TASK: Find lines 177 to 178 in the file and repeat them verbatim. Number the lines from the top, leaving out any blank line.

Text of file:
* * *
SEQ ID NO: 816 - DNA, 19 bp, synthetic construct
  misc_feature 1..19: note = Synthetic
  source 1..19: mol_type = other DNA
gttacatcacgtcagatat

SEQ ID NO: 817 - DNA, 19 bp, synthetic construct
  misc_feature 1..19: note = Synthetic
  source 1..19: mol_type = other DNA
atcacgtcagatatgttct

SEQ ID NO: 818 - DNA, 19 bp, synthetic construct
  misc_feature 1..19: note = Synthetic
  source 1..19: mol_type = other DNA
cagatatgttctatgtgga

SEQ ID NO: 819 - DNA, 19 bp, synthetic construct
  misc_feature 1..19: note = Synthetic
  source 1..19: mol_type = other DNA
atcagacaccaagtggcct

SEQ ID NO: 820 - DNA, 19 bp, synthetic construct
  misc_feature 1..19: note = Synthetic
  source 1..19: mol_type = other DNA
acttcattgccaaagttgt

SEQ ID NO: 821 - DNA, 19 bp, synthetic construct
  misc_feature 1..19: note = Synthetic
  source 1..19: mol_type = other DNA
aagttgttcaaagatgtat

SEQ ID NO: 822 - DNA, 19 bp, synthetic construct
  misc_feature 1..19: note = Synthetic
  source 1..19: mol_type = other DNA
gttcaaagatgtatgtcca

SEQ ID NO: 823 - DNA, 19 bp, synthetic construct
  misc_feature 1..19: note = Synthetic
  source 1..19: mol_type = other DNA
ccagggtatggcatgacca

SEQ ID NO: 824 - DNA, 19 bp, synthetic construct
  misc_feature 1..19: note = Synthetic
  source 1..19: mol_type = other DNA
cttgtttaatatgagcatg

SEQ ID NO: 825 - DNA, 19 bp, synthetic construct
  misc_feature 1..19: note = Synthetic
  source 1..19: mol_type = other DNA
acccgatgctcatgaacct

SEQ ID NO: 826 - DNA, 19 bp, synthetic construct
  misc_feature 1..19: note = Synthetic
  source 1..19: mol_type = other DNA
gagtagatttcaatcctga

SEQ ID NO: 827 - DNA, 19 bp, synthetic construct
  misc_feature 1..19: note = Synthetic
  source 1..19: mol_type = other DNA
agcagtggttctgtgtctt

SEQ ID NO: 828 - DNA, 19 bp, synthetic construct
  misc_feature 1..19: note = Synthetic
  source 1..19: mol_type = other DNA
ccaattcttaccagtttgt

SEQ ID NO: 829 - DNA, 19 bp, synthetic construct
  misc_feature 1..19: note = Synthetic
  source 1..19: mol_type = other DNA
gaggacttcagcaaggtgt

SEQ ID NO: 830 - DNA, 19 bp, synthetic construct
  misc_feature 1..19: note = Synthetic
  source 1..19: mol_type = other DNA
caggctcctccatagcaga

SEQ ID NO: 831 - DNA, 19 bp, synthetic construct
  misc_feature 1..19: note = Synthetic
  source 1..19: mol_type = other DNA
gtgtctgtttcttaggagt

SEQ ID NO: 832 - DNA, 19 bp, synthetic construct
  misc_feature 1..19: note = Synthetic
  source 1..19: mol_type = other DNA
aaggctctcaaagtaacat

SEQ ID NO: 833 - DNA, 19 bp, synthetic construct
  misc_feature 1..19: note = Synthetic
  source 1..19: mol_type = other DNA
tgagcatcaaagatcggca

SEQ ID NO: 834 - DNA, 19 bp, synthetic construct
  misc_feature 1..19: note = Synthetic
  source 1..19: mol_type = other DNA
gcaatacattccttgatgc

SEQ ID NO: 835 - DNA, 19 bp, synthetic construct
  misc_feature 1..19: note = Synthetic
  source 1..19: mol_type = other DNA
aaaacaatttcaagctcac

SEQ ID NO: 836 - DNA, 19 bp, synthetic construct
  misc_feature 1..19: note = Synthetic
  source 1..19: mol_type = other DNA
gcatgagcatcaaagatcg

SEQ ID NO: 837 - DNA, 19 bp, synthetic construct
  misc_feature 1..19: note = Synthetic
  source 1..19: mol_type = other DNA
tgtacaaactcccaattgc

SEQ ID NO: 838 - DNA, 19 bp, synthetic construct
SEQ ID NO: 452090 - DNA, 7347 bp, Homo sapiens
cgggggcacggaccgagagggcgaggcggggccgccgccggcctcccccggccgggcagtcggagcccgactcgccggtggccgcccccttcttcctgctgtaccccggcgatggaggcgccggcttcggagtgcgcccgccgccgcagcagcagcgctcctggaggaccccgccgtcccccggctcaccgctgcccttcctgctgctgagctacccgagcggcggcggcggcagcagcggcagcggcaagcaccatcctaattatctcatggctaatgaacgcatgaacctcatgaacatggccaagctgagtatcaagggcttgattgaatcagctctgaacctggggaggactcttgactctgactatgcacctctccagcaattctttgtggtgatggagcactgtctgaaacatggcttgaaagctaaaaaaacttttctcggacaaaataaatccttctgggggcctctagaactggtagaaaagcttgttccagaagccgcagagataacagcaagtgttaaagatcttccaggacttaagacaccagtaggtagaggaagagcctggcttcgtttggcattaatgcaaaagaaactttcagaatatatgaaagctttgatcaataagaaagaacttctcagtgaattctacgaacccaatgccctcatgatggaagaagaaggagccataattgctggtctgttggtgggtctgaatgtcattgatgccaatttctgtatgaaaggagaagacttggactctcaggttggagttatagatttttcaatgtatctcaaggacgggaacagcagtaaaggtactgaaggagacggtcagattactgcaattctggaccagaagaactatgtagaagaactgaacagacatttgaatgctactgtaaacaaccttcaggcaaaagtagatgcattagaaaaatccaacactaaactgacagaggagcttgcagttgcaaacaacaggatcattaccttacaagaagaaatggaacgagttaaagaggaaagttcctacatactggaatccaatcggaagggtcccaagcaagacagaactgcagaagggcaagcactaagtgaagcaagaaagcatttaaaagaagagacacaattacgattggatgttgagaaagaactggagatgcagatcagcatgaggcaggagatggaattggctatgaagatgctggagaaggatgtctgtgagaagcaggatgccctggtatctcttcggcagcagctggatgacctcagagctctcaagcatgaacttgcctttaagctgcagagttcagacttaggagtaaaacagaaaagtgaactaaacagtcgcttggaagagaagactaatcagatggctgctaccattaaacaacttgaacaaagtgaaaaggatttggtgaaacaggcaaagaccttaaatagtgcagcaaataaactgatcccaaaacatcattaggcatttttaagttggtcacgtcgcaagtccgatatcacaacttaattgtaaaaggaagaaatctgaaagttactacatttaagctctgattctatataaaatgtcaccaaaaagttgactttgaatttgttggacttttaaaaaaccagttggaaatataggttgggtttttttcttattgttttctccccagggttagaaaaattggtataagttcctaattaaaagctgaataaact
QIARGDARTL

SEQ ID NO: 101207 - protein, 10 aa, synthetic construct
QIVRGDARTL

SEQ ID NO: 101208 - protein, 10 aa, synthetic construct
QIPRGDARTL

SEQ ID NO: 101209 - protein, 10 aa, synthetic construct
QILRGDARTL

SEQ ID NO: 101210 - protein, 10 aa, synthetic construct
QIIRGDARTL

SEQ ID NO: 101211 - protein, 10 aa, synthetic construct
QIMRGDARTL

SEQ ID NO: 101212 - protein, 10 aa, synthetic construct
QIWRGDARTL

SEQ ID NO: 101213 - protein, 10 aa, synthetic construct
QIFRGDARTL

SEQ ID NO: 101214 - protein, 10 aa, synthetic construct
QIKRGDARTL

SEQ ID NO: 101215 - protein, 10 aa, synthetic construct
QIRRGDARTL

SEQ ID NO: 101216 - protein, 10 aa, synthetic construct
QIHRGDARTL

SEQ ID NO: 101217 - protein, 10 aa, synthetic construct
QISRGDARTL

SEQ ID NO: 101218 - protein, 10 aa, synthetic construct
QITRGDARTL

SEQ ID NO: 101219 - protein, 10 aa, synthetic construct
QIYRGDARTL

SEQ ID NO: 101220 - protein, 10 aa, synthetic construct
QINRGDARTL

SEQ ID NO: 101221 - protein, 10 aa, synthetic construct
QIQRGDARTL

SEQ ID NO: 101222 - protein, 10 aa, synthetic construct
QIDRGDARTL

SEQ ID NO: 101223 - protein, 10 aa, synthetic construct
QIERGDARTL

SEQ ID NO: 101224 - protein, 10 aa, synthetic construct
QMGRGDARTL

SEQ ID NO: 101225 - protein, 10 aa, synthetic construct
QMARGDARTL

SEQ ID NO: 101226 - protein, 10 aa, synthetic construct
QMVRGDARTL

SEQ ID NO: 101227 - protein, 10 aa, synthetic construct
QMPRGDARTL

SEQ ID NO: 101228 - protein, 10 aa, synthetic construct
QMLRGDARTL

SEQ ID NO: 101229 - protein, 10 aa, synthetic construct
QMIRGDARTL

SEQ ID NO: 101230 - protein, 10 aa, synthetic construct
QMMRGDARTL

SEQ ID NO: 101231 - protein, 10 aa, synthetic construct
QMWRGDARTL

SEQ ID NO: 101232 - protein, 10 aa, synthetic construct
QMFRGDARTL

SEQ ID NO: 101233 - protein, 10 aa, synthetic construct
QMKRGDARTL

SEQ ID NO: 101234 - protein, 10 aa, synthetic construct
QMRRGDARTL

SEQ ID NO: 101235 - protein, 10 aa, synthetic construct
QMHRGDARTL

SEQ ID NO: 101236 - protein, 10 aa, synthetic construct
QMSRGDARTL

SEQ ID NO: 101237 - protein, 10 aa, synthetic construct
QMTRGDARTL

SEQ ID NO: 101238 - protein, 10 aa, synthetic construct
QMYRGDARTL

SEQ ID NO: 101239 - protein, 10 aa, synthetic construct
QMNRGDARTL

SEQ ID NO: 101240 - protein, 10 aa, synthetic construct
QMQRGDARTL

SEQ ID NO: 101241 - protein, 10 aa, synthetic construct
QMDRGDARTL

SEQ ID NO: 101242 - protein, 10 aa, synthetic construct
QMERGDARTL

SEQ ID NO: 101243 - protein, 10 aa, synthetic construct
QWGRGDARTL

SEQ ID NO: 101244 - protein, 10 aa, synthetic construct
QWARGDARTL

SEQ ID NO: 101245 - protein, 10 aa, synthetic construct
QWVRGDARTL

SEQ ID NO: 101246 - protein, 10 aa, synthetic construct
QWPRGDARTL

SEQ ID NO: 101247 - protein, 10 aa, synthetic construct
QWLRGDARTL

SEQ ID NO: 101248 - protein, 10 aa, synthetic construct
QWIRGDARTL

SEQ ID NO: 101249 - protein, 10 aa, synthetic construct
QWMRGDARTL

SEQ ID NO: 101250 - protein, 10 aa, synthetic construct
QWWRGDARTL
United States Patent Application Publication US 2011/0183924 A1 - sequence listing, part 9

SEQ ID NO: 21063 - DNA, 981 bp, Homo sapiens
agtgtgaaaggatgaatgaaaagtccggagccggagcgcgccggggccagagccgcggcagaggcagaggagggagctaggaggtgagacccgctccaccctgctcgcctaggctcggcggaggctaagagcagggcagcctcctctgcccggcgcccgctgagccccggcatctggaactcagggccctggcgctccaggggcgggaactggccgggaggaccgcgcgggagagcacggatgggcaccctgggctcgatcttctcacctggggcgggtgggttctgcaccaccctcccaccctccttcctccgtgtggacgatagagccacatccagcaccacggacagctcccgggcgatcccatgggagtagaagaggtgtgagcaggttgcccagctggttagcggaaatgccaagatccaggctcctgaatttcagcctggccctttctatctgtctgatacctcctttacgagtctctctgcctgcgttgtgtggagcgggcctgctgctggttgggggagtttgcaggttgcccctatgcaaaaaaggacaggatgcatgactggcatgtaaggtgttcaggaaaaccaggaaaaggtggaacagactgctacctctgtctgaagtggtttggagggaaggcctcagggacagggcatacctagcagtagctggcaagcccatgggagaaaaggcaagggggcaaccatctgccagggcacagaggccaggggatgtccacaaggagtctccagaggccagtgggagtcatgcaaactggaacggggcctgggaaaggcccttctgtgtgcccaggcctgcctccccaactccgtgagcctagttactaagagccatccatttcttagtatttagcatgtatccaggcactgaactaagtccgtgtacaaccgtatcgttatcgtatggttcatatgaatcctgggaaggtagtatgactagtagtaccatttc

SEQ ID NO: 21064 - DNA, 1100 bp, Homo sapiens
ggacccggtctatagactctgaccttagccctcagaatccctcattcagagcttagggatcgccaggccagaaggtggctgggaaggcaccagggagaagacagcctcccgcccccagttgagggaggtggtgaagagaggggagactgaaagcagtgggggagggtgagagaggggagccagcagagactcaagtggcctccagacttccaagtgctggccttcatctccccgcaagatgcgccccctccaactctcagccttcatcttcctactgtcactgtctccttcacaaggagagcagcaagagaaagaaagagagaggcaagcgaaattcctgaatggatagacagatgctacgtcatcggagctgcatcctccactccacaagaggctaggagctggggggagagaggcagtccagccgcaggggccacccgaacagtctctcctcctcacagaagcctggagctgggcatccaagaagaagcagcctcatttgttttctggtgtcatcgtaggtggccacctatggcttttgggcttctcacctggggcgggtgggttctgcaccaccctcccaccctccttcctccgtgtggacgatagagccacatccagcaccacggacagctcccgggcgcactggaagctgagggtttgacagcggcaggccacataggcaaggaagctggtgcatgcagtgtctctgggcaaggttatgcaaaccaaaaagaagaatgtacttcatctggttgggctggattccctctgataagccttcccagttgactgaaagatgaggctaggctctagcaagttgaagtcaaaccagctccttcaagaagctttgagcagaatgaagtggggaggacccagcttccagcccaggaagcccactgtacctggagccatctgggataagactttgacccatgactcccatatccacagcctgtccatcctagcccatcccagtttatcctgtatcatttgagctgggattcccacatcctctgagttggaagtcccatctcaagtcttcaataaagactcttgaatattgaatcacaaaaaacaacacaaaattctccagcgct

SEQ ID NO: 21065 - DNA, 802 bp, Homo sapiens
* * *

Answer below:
SEQ ID NO: 101249 - protein, 10 aa, synthetic construct
QWMRGDARTL